While Delaware isn’t exactly a food mecca, it definitely has its local favorites. Though the state may not have invented scrapple, a traditional mid-Atlantic breakfast staple, it’s done much to elevate its status. The running joke is, “Don’t ask what’s in it.” Comforting.
If you find yourself in Key West, visit Pepe’s Café, which boasts the fact that it’s the oldest restaurant in Key West, having been established in 1909, and also boasts one of the best Key Lime Pies in the area.
If you know the South, then you know that Georgia is known for its peaches. If you stop through Atlanta, Paschal’s is a great place to pick up some delicious soul food, and of course, some incredible peach cobbler.
Locals of this laid back state enjoy their fish wrapped in a tortilla, a tradition that began around the same time as the surfing craze of the late 20th century. Hawaiian fish tacos aren’t breaded, and are often times served with fresh toppings like mango or pineapple. Next time you find yourself on Maui’s northwest coast, look for taco stands that serve this local favorite.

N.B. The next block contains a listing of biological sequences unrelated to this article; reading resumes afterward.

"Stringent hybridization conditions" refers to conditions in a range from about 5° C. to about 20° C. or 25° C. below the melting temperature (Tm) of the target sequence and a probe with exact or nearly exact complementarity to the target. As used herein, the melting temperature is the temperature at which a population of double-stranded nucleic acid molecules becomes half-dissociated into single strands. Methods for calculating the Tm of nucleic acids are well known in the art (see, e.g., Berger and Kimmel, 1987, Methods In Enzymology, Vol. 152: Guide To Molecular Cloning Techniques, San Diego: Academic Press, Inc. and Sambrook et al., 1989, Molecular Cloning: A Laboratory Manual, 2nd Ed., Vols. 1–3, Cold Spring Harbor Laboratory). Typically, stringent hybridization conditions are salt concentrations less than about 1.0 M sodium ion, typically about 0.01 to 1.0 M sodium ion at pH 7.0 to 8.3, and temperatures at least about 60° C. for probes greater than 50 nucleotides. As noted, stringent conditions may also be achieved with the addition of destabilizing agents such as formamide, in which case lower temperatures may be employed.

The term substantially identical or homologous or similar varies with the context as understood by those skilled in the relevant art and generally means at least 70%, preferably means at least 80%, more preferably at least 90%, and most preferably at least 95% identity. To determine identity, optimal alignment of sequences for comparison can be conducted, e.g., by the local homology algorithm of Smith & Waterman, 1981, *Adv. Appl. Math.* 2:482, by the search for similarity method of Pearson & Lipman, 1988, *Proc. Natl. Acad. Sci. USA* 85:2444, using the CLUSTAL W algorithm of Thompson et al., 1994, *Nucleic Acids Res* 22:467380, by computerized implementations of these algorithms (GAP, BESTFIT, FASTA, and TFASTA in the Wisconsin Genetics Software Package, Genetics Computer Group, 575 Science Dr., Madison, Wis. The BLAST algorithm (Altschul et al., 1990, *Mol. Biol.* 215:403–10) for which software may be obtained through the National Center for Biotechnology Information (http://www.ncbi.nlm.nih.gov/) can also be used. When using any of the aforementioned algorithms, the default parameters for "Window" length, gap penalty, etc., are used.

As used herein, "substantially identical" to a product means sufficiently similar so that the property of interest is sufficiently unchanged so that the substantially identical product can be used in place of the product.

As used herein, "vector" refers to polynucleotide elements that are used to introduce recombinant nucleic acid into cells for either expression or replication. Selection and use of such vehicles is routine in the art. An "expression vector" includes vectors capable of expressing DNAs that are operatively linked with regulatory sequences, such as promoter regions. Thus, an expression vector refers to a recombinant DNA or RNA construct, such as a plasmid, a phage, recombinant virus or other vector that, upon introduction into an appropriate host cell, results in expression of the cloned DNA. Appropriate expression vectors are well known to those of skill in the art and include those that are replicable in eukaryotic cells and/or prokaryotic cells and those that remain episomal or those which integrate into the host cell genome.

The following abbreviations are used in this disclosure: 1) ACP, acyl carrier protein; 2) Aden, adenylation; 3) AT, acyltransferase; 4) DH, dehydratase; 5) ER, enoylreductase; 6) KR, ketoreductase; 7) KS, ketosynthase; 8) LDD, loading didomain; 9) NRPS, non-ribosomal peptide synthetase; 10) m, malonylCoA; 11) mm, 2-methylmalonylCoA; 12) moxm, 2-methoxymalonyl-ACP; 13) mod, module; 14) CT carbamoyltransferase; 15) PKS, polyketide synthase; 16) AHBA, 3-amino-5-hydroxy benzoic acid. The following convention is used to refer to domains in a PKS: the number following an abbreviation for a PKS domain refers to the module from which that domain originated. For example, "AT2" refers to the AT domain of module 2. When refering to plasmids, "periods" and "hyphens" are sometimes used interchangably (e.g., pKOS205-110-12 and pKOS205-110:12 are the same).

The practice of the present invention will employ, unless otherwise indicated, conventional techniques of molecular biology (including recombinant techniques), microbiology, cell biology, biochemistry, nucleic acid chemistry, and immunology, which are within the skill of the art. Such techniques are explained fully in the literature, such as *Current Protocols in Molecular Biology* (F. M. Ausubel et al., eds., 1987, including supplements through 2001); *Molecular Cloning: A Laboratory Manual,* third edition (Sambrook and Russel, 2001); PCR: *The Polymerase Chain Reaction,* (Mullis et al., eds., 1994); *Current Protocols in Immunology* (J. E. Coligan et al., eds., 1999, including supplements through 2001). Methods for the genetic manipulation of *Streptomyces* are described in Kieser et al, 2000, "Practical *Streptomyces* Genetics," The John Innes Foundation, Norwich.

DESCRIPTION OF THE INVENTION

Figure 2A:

More than any other food item, potatoes are iconic in Idaho, more specifically, giant potatoes that can be baked and topped with the best ingredients. In Blackfoot, Idaho, be sure to stop by the Idaho Potato Museum, which stands as a testament to the state’s most iconic food.